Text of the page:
Waving flag on masks.
Josh Martin is a Kiwi journalist based in London.
OPINION: Where have you been hiding, Kiwi friends? Night buses, hostels, lookouts, surf beaches, and must-do activities have been devoid of Antipodean twangs and vowel nibbling for far too long. And now you’ve come out of the bubble and you’re making up for lost time because we had almost forgotten you.
Luckily, even in these Covid times, there are telltale signs of the less-spotted Kiwi traveler.
Waving the flag on the masks
The dead gift. From Auckland Airport to the world, you are there to remind us that the virus is everywhere. You take care of your health, our health and the claims department of your travel insurance company. So thank you for that. Long after my masks have been thrown away, and I’ve forgotten the fogged up goggles and the rub marks behind my ears, you roll vaxxed and your mouth and nose covered ready to dish out a helping of guilt and shame to the hordes mask -free faces.
* Souvenir shops should have died in the pandemic
* Welcome back to the global fight against tourism, New Zealand. you are late
* Saving money or splurging on vacation? What to buy cheap on and when to spend big on to get the most out of your travels
But on the fifth or sixth day of the holiday, cloth coverings and N95 hospital-grade masks seem to be conveniently left in your hotel rooms and restaurants. This is funny.
Forms, vaccine certificates, travel insurance certificates online and in person
You can never be too careful, can you? And given that the number of Kiwis fluent in a foreign language is extremely low, it is still better to wave a wad of official-looking documents, QR codes and vaccine certificates printed and on your phone to wave at anyone who seems official. from a distance.
These are still officially required in some destinations, but the numbers are dwindling. And you always see a hint of desperation in the eyes of the little Antipodean traveler when the stern-looking border guard or medical paper holder waves them through without asking questions. Prevention is better than cure, huh?
Still in awe of modern public transport
Thailand. India. Portugal. Italy. Germany. Vietnam. France. Japan. Great Britain. New York. China. Malaysia. Bosnia (Bosnia?!) all have superior public transport links to little old New Zealand. I guess it’s no wonder that any New Zealander, who’s probably owned two or three cars at least before their first trip abroad, rightly celebrates the moment when they can travel from one point A to point B with relative ease, speed and cost. No need to tie your self-esteem to gas prices when it’s that simple. It can be done!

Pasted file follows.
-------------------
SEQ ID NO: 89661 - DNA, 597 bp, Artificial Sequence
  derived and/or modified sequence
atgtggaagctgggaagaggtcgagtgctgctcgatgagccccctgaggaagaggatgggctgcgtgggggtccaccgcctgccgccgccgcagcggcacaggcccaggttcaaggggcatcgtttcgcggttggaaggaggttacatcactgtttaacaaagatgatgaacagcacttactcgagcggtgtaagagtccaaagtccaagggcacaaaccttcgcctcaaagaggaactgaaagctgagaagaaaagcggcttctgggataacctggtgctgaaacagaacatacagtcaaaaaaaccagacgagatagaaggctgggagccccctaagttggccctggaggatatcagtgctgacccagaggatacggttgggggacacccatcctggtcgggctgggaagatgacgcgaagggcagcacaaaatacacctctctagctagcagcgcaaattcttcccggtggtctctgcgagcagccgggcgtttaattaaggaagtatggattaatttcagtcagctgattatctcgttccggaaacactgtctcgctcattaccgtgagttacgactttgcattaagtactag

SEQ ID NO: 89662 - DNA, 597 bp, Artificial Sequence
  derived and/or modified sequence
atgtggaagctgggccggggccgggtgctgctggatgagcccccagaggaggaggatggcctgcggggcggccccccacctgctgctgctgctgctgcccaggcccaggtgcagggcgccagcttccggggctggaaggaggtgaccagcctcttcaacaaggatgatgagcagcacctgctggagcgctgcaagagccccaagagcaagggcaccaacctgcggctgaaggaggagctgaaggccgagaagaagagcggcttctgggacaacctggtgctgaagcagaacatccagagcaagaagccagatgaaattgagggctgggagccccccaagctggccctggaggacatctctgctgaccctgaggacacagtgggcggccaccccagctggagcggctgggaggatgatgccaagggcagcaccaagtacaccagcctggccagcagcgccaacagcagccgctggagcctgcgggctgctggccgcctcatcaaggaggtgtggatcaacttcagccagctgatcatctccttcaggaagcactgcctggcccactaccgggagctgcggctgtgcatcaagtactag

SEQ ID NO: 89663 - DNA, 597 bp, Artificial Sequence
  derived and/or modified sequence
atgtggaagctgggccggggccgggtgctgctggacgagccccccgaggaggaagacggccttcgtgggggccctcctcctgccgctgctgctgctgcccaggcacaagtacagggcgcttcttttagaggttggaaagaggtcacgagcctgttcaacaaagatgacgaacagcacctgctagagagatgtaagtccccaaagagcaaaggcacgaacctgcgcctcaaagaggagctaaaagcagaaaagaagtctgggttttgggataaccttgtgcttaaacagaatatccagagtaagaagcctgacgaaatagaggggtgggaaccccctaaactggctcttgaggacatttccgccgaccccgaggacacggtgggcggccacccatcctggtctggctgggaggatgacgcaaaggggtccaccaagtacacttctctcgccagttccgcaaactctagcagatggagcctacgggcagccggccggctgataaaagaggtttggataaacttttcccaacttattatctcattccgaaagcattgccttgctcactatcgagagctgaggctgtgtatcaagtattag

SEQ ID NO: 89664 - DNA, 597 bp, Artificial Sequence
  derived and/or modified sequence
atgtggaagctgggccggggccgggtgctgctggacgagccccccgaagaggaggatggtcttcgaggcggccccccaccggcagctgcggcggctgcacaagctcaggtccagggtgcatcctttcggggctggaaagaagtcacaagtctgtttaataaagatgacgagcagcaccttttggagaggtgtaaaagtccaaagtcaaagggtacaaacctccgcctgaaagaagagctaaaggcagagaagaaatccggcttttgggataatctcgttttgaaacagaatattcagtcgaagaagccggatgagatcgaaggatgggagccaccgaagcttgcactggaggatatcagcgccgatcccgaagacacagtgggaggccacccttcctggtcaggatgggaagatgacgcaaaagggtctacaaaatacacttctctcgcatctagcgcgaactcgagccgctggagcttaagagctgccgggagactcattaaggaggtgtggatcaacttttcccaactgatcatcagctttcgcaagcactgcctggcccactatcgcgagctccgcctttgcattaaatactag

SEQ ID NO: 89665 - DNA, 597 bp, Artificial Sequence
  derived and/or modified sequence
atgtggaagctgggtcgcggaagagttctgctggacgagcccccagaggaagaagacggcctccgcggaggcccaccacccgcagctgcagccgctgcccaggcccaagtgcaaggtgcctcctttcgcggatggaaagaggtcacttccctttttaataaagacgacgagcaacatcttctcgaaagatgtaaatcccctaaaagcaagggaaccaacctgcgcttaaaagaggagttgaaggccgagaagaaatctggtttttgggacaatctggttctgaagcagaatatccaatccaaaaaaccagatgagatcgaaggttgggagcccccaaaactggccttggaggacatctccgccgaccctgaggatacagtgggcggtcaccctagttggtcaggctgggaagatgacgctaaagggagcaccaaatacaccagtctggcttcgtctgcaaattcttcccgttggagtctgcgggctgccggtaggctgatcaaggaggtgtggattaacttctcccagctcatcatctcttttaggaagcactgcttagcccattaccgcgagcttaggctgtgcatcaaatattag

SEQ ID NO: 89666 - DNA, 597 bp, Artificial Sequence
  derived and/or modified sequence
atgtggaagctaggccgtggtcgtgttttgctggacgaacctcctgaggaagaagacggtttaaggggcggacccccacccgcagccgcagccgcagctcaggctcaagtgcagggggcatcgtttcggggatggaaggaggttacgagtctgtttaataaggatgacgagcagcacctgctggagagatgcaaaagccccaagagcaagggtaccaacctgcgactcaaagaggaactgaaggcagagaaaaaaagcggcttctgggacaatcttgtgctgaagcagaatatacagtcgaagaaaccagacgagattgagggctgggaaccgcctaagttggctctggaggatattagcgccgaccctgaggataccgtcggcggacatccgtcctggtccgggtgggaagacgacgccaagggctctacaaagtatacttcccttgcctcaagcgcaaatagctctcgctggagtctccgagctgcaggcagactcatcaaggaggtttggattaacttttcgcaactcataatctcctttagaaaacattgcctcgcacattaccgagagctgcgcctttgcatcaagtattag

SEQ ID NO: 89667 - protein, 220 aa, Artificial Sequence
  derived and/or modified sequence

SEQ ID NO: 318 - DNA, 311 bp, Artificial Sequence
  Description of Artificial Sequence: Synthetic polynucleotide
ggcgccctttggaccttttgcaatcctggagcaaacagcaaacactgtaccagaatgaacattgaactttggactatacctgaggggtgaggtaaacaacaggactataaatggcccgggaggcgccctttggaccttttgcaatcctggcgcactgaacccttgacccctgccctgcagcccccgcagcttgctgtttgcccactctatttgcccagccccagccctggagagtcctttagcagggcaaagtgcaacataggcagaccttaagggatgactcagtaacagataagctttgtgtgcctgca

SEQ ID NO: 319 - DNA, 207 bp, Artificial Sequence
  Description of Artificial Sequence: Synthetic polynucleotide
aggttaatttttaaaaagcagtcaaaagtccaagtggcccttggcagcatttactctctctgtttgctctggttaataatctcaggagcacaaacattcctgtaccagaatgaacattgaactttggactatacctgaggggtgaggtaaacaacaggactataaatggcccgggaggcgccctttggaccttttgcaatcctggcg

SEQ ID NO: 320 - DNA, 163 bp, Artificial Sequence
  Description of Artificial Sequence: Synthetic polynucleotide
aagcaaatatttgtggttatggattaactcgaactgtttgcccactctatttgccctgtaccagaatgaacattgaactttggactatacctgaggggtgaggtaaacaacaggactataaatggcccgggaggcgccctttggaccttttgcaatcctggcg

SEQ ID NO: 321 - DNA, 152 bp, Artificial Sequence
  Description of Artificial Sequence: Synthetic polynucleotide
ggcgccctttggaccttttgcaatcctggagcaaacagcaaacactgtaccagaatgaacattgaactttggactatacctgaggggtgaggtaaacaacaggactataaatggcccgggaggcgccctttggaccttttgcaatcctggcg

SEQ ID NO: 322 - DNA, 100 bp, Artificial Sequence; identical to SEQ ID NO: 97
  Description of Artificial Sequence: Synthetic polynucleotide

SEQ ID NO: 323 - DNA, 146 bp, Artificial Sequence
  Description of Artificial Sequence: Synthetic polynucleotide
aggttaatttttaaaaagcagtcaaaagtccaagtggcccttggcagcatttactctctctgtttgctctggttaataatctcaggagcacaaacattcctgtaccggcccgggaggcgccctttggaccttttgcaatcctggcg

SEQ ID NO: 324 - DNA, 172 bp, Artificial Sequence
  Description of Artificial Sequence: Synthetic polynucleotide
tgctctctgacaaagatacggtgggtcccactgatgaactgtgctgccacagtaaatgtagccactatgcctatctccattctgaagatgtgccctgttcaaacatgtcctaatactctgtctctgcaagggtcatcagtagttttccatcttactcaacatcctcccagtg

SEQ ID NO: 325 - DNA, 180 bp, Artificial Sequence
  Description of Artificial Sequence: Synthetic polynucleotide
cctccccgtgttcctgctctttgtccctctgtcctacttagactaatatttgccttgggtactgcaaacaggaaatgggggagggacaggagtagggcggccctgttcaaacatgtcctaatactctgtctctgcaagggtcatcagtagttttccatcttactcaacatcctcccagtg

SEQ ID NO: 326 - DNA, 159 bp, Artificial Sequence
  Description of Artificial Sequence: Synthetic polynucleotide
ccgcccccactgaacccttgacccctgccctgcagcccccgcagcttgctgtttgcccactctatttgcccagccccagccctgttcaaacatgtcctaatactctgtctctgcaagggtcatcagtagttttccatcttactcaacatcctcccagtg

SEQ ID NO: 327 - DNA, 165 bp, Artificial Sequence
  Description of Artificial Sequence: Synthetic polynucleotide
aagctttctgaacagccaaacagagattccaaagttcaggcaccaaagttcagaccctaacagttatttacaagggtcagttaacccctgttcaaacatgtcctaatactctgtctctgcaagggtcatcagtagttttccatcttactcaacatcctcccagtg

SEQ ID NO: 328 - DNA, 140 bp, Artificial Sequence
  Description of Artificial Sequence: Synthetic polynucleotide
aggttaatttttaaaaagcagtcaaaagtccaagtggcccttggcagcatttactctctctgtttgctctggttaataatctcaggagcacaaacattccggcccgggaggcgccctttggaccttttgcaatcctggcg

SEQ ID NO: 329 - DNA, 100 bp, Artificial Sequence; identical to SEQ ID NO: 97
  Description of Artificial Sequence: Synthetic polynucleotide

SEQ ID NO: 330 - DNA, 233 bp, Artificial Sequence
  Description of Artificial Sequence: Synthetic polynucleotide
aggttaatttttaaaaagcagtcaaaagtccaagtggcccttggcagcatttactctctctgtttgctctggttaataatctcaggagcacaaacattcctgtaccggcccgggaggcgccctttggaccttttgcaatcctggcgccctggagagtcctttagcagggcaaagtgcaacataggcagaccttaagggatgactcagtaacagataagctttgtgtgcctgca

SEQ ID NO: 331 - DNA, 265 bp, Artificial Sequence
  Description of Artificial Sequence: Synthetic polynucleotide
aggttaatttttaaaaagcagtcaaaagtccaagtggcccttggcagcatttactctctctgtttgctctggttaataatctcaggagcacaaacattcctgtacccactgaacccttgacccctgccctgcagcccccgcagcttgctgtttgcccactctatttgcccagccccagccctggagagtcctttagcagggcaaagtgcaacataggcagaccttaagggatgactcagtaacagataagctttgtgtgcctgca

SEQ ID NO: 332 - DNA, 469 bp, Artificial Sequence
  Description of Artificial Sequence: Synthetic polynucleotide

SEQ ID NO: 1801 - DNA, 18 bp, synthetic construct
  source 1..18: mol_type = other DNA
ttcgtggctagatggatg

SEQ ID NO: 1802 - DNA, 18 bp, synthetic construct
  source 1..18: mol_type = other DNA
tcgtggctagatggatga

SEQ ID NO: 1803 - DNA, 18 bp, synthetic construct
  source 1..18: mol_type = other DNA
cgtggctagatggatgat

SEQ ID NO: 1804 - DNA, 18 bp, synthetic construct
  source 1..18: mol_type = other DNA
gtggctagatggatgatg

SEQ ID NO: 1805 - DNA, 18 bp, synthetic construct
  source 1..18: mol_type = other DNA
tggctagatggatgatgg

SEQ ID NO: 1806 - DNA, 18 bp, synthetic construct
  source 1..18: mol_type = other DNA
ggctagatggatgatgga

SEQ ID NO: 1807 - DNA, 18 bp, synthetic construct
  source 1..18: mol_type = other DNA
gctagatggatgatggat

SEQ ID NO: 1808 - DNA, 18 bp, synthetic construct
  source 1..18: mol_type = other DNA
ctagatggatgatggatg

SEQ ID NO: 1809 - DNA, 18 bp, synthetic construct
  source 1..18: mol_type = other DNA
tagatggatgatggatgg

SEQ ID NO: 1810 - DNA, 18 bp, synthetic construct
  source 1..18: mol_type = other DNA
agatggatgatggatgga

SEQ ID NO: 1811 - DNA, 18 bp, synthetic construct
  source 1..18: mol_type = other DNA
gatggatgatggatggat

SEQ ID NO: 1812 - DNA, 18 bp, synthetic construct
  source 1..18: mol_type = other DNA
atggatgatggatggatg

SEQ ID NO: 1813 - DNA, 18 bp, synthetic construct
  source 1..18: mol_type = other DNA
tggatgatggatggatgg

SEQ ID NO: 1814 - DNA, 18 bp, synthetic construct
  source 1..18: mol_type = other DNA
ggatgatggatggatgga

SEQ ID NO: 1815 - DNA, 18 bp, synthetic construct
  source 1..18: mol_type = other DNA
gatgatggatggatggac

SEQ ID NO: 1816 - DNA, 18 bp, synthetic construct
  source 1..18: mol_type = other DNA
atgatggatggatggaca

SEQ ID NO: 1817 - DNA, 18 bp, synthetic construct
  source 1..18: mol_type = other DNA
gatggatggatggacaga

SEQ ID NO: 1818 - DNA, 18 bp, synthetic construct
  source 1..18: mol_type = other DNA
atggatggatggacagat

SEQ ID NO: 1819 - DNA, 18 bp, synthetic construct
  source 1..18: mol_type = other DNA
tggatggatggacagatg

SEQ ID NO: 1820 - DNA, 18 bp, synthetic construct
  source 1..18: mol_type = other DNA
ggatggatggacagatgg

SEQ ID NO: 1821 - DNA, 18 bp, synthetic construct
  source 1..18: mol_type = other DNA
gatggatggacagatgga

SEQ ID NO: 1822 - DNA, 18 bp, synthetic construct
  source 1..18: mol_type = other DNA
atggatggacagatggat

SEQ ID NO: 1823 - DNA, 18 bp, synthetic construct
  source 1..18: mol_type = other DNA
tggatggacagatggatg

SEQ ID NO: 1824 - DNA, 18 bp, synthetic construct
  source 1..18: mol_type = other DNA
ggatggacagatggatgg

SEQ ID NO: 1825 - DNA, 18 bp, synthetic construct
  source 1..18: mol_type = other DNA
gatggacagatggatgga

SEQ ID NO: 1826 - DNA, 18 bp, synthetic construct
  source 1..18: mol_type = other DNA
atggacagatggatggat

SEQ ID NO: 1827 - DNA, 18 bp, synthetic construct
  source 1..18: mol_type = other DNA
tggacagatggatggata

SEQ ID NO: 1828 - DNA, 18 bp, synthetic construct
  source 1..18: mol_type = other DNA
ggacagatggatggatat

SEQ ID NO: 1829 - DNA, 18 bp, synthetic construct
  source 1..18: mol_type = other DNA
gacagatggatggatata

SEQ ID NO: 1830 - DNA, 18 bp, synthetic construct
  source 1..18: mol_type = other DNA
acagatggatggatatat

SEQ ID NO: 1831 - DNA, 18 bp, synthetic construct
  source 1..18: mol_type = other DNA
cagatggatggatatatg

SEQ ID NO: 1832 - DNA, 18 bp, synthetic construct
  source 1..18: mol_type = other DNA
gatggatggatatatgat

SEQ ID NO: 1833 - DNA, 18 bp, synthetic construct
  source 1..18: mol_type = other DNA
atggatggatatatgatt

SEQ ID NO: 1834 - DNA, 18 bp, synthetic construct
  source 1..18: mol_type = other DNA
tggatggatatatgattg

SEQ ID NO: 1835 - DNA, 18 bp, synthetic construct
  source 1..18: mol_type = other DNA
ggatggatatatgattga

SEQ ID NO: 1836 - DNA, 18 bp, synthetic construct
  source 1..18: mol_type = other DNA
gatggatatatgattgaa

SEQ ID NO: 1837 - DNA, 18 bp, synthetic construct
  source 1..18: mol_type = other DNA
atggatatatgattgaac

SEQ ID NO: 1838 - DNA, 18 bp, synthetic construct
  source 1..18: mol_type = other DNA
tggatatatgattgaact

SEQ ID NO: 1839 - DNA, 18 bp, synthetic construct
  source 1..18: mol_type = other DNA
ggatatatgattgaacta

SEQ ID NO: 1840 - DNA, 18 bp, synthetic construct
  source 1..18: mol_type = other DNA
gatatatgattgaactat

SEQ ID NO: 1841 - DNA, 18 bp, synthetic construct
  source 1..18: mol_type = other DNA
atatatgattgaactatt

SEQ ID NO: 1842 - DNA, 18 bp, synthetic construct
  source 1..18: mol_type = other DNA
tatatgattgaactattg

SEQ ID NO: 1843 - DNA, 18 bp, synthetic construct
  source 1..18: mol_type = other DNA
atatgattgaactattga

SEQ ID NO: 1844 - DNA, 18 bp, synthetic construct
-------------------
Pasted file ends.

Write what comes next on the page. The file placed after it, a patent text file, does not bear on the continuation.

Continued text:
Thrown by the tipping culture
I hate tips. Not because I’m cheap (although I’m that too), but there is something in the New Zealand psyche that rightly finds that tipping runs counter to our egalitarian values: it seems deeply unfair to subsidize the wages of service workers so blatantly . Should a worker’s salary be left up to the generosity of whoever walks through the door that day? Can’t minimum wages and fairer contracts just be legislated?
There’s something that aggravates the server-client relationship when you realize that the cheerful smiles, quick service, conversation, and general accommodation comes down to squeezing you 20% or 15% instead of 10% on top of the food and drink bill. It’s made more confusing by different toggle labels across borders.
Many restaurants in Western Europe will put a small cover per person on the bill, the US requires at least 10% more, but south of the border it is not required. Japanese hosts would be appalled to be tipped, but a sneaky 12.5% ’discretionary’ service charge has become the norm in London (but rarely elsewhere in the UK). It’s a minefield.
Value oriented and budget conscious – don’t call us cheap
Blame the runaway inflation across the world. Blame our high-cost, low-wage economy for making saving more and more difficult. Blame the still weak New Zealand dollar. Either way, New Zealanders on vacation can’t or don’t spend the money. That’s even though dining out, bars, flights, and hotel or villa stays can be relatively cheaper compared to home.
Maybe I call it being value-conscious, but I’ll hear a Kiwi accent more often on long-distance buses, free walking tours, hiking, or exploring cafes and bars around hostels and backpacker areas than beach clubs with bottle service (“pay to go to the beach? No way!”), five-star hotel foyers or Michelin restaurants. You save flashy poses and huge credit card bills for those ostentatious Australians and Americans, and I respect that. I will see you in foreign supermarkets drooling over the discounts compared to us.
And rightly so. I can’t tell you how disappointed I was with my first anti-jet lag caffeine hit in Rome (standing up of course). I ended up ordering – in Italian, Spanish, Portuguese and sloppy French – a double espresso with a little milk on the side to try and come up with something appetizing. Order a latte or cappuccino and you’ll end up with a pint of milk.
The situation has been improving since the bad old days. I think when I came to London in 2014 there were only a handful of good cafes. Still held by Antipodians. Kiwis on vacation rightly seek them out and wonder why chains like Starbucks, Tim Hortons or Costa Coffee can thrive. pagans.